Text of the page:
Saturday, January 20, 2018

Losing one's life as distinguished from saving it

Biblical "sexuality is not . . . an expression of an absolute power, but of relationship, the gift to the other, and reciprocal dependence.  In the Platonic myth [of that third kind [(γένος)] of human being, that 'double nature which was once called Androgynous'], the search for the partner [from whom one has been cut away, that other half, that person of the opposite sex,] is not oriented to the gift of self, but to nostalgia for a state of omnipotence.  Androgyny proceeds from the same principle, whether it be religious or not."

     Jean-Baptiste Édart, “L’androgyne ou la communion des personnes?,” Communio:  revue internationale catholique 31, no. 5-6 (septembre-décembre 2006):  95 (83-96).
     The point, I suppose, is that Zeus separated the three kinds of human being, the male-male, the female-female, and, most importantly for our purposes here, the male-female or "androgynous", in order to weaken them, "as punishment for the wrong we did him" (Symposium 193a, in the Hackett edition ed. Cooper).  Their original spherical wholeness or integrity, by contrast, stood (as in the divinity) for "absolute power", self-sufficiency, perfection (Eliade, 85).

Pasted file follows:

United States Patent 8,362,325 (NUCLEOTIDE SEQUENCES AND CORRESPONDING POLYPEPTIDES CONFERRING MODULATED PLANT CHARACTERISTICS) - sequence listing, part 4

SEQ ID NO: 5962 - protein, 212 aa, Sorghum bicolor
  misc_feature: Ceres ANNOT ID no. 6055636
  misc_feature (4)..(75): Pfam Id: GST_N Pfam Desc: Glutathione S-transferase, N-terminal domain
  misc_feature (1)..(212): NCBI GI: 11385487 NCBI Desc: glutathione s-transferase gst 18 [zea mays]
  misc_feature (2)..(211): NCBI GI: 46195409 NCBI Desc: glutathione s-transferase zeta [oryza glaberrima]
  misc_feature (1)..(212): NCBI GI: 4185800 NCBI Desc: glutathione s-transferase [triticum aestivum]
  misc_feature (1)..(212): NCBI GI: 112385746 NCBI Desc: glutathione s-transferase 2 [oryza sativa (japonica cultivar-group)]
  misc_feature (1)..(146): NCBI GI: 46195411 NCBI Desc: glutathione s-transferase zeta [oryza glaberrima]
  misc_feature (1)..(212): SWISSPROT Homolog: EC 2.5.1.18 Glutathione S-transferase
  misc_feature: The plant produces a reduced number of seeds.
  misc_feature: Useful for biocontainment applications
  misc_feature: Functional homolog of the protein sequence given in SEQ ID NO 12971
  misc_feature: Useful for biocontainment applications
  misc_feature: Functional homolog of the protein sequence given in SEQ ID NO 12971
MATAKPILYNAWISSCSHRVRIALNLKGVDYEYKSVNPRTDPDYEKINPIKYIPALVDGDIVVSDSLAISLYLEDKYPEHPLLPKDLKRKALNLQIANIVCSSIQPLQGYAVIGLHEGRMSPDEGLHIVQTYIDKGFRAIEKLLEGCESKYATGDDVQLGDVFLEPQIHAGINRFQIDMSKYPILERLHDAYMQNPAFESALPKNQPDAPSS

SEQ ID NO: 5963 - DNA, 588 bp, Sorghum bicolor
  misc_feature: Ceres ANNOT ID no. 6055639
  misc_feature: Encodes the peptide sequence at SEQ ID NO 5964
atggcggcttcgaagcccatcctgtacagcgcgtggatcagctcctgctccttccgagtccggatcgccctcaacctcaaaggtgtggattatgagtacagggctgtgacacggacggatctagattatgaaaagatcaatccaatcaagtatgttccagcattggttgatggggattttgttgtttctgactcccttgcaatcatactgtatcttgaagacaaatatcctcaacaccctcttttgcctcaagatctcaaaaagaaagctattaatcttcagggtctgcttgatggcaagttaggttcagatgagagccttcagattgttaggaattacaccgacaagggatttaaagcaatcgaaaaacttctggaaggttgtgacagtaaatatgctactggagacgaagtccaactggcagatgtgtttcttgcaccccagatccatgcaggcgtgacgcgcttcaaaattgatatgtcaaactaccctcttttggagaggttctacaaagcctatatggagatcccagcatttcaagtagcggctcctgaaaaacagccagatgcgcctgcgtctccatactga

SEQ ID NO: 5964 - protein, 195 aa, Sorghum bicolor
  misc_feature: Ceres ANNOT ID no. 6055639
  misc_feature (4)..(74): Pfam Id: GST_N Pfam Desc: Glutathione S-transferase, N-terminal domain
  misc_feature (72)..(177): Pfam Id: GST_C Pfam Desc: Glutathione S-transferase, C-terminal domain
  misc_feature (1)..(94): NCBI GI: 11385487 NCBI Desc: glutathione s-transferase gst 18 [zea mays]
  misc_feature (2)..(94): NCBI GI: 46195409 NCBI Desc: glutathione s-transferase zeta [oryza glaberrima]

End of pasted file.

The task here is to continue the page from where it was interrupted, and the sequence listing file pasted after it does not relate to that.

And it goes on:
But in the biblical view, according to which God created them male and female, there is no fall into differentiation (indeed, sexual differentiation is presented in Gen 2 as a solution, not a fall), and no room for these other options.  (For a list of the ways in which the Genesis myth corrects the Platonic one, a list taken from Xavier Lacroix, see p. 93.)  There is only the one kind of human being, who "can only become fully aware of his identity in the encounter with the other sex, image of the encounter with God."  For this reason it can come as no surprise that Saint Paul, a very careful reader of Genesis 1-3, "associates idolatry with homosexual acts, making of these latter the consequence of the former", i.e. idolatry:  "If the sexual difference is the expression of the relational capacity characteristic of God, then he who chooses to adore the creature in place of the Creator, he who denies the true nature of a God [of] love, source of all communion, denies relationship, founded on the difference, in order to enter into the fusion that is sought with one's double [(identique)], with an eye to omnipotence" (96).

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